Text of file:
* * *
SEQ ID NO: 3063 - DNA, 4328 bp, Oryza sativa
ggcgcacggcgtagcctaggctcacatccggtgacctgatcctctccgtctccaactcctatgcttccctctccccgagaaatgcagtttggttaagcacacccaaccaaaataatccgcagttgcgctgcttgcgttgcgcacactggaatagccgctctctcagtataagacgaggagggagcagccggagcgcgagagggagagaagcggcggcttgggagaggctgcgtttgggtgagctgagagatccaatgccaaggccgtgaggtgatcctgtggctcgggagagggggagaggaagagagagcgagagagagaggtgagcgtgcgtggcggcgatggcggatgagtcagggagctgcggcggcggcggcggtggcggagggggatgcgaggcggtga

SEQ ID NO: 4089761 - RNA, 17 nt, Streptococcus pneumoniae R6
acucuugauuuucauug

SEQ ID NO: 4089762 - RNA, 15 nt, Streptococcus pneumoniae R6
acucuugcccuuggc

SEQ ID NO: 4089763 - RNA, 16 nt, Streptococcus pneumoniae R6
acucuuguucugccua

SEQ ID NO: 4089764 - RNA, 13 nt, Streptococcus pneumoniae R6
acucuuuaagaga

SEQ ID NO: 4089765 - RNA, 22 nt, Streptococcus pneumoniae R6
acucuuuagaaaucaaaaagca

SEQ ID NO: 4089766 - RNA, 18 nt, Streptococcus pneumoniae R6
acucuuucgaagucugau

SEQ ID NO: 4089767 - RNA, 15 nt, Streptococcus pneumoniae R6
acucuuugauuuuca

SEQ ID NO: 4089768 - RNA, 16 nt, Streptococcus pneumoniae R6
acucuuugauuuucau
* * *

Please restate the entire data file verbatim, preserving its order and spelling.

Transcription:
SEQ ID NO: 3063 - DNA, 4328 bp, Oryza sativa
ggcgcacggcgtagcctaggctcacatccggtgacctgatcctctccgtctccaactcctatgcttccctctccccgagaaatgcagtttggttaagcacacccaaccaaaataatccgcagttgcgctgcttgcgttgcgcacactggaatagccgctctctcagtataagacgaggagggagcagccggagcgcgagagggagagaagcggcggcttgggagaggctgcgtttgggtgagctgagagatccaatgccaaggccgtgaggtgatcctgtggctcgggagagggggagaggaagagagagcgagagagagaggtgagcgtgcgtggcggcgatggcggatgagtcagggagctgcggcggcggcggcggtggcggagggggatgcgaggcggtga

SEQ ID NO: 4089761 - RNA, 17 nt, Streptococcus pneumoniae R6
acucuugauuuucauug

SEQ ID NO: 4089762 - RNA, 15 nt, Streptococcus pneumoniae R6
acucuugcccuuggc

SEQ ID NO: 4089763 - RNA, 16 nt, Streptococcus pneumoniae R6
acucuuguucugccua

SEQ ID NO: 4089764 - RNA, 13 nt, Streptococcus pneumoniae R6
acucuuuaagaga

SEQ ID NO: 4089765 - RNA, 22 nt, Streptococcus pneumoniae R6
acucuuuagaaaucaaaaagca

SEQ ID NO: 4089766 - RNA, 18 nt, Streptococcus pneumoniae R6
acucuuucgaagucugau

SEQ ID NO: 4089767 - RNA, 15 nt, Streptococcus pneumoniae R6
acucuuugauuuuca

SEQ ID NO: 4089768 - RNA, 16 nt, Streptococcus pneumoniae R6
acucuuugauuuucau